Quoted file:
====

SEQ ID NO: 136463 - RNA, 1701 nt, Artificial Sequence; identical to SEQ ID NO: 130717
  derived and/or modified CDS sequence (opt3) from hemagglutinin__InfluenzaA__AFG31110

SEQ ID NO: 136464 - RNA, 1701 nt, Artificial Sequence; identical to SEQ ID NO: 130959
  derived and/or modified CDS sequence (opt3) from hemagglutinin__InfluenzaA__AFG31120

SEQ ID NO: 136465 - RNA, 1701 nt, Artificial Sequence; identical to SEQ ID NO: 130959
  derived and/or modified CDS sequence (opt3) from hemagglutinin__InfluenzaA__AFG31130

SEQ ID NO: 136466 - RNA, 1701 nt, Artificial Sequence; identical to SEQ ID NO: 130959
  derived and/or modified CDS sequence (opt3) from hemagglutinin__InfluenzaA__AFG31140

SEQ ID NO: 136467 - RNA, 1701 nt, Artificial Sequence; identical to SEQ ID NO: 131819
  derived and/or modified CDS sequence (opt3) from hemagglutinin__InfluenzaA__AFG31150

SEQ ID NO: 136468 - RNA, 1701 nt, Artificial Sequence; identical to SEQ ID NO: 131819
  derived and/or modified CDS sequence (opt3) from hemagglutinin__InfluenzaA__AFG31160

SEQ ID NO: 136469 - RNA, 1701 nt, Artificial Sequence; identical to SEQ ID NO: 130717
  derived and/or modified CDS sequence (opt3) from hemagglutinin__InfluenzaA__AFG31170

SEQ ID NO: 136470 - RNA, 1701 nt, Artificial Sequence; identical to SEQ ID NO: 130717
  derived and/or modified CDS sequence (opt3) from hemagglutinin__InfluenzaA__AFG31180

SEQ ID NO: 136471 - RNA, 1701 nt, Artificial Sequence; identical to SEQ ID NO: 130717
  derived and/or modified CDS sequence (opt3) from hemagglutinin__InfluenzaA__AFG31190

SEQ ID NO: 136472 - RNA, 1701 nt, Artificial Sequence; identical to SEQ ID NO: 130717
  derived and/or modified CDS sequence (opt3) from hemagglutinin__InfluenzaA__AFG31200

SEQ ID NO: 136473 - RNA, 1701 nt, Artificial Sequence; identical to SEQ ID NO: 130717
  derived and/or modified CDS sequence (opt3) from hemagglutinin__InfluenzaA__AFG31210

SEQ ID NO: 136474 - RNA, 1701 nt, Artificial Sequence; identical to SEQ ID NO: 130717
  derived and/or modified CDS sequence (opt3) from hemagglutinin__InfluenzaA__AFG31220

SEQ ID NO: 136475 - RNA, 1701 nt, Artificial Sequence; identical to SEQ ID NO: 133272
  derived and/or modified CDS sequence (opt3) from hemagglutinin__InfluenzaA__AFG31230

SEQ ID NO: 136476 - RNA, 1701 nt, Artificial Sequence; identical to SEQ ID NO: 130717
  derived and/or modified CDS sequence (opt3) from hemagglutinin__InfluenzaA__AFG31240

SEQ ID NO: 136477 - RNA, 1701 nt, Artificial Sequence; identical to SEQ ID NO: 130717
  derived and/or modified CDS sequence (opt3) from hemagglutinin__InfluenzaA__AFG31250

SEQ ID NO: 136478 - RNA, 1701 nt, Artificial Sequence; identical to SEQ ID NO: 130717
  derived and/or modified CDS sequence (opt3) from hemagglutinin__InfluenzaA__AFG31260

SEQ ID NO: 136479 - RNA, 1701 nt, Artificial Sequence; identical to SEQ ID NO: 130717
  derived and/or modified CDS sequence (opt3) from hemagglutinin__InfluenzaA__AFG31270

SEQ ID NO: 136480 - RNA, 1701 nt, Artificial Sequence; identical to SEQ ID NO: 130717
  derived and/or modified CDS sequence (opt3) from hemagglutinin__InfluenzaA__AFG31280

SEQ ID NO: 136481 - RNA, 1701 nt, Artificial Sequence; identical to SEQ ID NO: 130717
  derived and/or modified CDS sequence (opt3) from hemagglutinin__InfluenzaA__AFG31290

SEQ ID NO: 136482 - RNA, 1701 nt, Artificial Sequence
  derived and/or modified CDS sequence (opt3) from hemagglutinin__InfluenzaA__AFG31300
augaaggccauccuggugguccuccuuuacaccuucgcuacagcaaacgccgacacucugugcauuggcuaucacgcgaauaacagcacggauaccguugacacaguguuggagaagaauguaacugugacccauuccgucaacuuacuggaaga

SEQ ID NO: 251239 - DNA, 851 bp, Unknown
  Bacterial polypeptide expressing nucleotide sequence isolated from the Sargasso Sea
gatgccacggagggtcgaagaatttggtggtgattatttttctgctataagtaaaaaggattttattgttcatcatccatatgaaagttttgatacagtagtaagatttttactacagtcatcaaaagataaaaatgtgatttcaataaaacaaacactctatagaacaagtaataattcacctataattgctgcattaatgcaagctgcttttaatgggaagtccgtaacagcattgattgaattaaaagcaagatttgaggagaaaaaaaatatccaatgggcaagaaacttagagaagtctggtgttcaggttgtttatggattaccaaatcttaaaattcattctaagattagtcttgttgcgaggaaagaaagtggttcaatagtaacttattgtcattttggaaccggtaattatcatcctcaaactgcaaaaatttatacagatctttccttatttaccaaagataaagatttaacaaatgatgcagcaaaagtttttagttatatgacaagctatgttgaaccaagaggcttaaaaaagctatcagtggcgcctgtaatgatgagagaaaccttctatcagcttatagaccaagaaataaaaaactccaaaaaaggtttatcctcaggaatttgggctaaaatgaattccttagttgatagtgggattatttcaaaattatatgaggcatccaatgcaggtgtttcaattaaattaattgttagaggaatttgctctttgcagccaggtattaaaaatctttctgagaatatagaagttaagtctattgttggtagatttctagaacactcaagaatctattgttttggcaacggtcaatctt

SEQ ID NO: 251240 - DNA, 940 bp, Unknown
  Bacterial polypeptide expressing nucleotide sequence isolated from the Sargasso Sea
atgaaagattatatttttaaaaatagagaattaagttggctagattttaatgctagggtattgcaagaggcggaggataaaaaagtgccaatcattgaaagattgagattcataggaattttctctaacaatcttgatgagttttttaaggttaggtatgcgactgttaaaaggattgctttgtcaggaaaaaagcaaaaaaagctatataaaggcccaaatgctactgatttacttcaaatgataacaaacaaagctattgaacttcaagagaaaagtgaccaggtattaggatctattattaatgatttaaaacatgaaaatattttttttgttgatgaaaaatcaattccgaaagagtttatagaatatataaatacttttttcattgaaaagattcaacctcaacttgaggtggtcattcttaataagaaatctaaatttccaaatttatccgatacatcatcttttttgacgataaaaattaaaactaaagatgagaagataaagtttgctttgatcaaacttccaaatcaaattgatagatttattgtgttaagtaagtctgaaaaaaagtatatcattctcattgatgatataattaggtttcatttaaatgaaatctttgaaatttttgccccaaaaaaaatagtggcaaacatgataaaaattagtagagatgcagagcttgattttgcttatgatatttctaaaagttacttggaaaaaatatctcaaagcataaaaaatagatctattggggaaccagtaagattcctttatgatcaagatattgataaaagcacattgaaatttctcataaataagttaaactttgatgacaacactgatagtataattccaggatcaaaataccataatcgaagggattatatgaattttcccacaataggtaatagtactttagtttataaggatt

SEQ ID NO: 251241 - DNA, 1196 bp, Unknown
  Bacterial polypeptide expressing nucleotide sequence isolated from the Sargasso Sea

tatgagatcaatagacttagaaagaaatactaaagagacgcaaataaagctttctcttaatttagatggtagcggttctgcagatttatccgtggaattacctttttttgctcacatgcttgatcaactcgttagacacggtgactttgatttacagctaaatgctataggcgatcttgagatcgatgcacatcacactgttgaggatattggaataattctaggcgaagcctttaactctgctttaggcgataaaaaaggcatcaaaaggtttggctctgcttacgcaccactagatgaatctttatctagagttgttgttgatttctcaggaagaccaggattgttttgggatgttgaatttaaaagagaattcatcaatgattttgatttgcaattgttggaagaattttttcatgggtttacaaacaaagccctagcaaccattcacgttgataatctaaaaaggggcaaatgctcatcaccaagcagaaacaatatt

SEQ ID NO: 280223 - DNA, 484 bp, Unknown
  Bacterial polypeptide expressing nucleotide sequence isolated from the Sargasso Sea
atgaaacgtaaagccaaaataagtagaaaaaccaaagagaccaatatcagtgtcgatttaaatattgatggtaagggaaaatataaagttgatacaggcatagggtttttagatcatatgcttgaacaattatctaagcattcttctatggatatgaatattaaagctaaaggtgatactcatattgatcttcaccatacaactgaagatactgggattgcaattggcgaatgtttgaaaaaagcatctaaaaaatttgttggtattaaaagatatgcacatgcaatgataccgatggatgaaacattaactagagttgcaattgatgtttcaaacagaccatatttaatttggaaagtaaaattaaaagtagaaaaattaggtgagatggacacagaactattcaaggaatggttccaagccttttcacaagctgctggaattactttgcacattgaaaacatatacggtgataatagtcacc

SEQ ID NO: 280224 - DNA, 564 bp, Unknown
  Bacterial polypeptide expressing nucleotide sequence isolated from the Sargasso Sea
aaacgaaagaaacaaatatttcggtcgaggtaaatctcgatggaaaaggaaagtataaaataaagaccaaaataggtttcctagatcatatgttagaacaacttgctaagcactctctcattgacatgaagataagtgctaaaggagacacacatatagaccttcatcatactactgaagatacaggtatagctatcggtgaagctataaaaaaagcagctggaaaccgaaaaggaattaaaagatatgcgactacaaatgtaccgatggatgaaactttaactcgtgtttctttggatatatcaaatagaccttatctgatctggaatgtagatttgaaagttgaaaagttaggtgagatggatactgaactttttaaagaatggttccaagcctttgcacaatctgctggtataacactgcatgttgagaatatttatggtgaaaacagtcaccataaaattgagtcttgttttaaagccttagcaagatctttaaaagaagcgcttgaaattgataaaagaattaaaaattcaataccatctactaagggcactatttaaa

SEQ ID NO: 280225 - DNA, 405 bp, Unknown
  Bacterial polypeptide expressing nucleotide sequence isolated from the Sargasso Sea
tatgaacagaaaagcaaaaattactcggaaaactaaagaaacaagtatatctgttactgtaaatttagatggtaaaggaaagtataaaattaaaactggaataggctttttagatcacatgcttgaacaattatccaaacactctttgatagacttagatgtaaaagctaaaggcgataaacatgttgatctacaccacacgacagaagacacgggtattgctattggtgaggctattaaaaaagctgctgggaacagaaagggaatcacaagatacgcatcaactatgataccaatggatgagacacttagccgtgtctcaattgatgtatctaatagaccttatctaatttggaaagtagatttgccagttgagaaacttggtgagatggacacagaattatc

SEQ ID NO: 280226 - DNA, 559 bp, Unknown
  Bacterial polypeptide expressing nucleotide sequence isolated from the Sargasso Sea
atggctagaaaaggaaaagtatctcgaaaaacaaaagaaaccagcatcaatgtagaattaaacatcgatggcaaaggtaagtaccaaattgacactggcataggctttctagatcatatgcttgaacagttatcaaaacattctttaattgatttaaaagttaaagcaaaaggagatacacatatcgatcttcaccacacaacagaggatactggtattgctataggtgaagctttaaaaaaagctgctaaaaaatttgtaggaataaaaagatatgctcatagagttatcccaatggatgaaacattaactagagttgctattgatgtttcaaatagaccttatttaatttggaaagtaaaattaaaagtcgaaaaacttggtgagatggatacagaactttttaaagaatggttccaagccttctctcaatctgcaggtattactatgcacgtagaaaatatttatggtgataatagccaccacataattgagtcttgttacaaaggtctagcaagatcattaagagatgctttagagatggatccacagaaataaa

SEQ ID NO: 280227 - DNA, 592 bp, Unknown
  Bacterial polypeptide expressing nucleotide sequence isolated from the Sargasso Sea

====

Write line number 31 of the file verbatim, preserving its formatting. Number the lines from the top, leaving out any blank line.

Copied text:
SEQ ID NO: 136478 - RNA, 1701 nt, Artificial Sequence; identical to SEQ ID NO: 130717